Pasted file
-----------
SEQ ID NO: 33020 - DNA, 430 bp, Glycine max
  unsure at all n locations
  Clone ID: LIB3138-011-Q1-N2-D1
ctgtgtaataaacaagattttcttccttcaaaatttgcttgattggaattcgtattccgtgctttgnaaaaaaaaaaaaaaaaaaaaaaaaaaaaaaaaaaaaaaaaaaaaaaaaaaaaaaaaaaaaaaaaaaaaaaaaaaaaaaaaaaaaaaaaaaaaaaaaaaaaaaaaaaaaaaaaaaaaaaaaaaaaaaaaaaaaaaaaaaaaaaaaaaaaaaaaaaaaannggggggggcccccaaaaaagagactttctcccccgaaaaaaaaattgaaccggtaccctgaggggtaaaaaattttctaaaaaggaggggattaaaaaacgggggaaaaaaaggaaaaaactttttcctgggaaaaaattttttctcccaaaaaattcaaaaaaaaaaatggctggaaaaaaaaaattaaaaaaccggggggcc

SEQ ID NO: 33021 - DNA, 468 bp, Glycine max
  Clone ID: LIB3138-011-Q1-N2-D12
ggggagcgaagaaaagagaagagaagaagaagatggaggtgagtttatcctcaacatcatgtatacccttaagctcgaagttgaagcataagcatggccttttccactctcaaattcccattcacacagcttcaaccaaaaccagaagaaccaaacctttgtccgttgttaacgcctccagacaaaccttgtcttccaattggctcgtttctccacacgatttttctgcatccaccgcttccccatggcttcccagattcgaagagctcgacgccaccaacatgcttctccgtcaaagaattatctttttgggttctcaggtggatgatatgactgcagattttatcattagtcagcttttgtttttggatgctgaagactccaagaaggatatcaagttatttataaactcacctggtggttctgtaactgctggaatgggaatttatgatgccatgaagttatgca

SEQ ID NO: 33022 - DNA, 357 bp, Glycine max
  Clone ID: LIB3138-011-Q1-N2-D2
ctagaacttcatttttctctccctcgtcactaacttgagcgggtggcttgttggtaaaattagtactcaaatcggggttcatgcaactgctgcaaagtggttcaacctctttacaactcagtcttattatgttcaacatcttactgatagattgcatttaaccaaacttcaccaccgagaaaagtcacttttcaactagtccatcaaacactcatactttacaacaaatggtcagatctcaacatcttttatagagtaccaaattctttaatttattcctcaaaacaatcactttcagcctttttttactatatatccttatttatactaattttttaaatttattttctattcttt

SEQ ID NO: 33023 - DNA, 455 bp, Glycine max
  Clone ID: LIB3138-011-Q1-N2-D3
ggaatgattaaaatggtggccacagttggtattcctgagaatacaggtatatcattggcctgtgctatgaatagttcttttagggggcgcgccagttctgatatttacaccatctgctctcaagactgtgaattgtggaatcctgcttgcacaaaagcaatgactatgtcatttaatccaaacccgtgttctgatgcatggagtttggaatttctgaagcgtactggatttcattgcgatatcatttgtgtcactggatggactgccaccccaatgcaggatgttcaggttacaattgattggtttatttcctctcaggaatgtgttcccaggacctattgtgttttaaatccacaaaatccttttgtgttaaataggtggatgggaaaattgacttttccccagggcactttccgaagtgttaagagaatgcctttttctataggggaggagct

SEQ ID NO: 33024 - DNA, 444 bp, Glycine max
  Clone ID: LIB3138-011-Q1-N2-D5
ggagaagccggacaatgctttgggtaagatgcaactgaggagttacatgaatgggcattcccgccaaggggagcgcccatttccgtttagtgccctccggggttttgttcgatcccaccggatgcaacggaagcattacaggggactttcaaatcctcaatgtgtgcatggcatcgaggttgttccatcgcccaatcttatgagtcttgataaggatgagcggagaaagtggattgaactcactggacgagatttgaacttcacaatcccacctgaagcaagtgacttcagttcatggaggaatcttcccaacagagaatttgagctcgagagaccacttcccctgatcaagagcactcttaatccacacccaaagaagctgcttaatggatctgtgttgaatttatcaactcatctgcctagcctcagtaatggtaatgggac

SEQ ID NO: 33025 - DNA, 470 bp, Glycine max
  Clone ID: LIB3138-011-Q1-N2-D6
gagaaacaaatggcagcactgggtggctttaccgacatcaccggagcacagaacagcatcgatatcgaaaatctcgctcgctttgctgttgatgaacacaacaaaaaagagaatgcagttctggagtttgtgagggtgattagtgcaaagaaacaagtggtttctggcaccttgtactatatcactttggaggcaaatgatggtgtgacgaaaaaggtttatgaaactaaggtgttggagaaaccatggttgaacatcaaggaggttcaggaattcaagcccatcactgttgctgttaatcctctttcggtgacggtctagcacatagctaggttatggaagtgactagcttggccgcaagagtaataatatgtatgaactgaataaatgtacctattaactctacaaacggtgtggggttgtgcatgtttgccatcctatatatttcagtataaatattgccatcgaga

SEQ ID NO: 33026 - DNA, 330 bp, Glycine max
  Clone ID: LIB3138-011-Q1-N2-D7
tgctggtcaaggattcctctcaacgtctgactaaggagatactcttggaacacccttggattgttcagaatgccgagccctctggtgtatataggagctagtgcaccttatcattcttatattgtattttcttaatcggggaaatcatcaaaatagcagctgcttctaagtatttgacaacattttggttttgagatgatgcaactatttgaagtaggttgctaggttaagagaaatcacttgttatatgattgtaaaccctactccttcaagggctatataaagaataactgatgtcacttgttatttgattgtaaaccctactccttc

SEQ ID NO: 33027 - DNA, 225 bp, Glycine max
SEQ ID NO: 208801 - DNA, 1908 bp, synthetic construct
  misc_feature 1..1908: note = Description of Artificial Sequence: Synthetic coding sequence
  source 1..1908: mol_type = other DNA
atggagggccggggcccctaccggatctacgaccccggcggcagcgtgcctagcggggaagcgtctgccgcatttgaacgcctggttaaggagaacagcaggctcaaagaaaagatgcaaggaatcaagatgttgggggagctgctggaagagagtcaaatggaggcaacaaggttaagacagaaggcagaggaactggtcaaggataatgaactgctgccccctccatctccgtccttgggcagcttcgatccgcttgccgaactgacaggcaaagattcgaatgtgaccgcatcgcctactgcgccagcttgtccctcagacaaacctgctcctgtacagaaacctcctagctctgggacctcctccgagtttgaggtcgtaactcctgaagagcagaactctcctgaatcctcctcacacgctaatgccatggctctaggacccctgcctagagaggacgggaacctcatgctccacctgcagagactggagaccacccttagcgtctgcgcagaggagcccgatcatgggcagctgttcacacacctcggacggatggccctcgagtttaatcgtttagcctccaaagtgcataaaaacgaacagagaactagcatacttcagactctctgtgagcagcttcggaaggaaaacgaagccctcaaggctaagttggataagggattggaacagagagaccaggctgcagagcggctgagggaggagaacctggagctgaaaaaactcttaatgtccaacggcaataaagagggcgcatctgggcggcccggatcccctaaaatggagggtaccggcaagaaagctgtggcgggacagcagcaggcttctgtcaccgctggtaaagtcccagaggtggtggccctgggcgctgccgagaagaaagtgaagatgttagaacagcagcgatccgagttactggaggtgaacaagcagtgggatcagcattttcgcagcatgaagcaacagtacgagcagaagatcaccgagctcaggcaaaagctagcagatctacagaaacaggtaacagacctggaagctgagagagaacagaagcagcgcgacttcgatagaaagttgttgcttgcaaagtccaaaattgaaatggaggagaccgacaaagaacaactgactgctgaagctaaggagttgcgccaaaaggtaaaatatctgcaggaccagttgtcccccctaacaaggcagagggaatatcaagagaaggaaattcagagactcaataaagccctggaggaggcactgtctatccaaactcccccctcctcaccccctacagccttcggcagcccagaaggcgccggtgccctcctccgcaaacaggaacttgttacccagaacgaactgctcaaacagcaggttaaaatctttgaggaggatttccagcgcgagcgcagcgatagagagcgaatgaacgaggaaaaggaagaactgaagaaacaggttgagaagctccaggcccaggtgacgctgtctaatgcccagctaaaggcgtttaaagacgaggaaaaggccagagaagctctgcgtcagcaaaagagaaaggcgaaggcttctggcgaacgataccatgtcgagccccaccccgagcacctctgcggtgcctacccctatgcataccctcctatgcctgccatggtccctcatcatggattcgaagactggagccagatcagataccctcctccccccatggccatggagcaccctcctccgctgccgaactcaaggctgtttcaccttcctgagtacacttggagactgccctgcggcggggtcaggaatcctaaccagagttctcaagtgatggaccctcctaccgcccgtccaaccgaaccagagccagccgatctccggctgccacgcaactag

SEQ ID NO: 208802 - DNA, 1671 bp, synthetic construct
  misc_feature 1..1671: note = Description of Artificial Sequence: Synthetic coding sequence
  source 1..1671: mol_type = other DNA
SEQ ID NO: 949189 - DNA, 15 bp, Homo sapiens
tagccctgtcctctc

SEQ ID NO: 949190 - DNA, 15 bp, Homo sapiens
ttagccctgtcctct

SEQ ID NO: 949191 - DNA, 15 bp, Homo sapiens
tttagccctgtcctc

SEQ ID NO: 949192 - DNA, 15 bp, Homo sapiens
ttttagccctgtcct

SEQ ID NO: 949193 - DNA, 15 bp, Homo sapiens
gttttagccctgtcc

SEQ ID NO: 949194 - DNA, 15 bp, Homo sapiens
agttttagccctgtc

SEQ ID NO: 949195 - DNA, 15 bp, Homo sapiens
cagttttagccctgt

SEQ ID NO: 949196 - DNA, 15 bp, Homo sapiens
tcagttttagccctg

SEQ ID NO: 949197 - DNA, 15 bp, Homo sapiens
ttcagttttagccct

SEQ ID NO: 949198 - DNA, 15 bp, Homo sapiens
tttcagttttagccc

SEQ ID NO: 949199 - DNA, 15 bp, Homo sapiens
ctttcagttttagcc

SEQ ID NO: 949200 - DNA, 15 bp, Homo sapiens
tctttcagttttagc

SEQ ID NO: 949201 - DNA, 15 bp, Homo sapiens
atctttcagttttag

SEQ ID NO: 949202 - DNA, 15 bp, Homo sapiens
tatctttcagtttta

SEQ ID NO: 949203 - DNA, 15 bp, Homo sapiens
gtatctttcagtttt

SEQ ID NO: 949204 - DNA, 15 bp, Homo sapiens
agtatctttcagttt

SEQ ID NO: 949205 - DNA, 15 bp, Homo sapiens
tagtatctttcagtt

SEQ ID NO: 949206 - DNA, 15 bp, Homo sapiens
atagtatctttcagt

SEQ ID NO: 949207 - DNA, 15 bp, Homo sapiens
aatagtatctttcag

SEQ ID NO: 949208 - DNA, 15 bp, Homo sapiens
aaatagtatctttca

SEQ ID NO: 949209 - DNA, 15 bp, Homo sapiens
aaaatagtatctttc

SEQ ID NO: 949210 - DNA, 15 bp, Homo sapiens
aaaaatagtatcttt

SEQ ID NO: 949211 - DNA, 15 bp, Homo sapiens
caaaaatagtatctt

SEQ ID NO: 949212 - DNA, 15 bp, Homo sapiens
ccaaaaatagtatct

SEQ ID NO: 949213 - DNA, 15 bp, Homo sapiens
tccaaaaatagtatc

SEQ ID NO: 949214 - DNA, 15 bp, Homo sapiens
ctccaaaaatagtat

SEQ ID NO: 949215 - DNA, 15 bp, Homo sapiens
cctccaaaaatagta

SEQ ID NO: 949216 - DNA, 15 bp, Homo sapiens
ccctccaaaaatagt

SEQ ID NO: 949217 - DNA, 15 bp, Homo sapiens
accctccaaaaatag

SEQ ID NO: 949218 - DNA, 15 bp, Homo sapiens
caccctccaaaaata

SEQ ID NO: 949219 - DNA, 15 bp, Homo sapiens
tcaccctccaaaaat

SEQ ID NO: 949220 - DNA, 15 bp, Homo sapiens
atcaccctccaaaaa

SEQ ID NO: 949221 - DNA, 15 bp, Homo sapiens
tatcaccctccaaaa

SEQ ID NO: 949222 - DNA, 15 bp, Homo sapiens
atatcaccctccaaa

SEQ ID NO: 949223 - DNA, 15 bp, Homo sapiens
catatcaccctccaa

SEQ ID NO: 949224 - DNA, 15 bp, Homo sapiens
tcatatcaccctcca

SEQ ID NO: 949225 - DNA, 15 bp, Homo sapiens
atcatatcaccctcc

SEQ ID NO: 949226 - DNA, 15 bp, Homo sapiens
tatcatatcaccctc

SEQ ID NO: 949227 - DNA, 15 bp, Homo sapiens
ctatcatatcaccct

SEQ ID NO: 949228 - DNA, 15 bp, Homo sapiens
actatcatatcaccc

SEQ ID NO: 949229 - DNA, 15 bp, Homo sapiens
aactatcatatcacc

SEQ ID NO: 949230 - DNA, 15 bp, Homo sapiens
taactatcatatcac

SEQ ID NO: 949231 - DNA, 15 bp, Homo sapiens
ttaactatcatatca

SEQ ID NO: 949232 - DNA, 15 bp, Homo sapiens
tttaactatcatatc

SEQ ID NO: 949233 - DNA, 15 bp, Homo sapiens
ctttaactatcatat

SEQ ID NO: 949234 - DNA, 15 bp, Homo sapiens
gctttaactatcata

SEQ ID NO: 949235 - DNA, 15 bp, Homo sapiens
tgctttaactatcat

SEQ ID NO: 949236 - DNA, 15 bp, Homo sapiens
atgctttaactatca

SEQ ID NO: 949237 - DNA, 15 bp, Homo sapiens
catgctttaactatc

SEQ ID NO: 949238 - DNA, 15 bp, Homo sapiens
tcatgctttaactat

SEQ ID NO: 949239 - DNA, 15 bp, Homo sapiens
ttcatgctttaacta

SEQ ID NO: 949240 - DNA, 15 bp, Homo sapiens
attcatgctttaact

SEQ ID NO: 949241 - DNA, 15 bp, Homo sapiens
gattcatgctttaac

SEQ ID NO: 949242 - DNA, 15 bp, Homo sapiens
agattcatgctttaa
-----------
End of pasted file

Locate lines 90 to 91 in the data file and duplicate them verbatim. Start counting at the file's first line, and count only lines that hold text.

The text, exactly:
caccctccaaaaata

SEQ ID NO: 949219 - DNA, 15 bp, Homo sapiens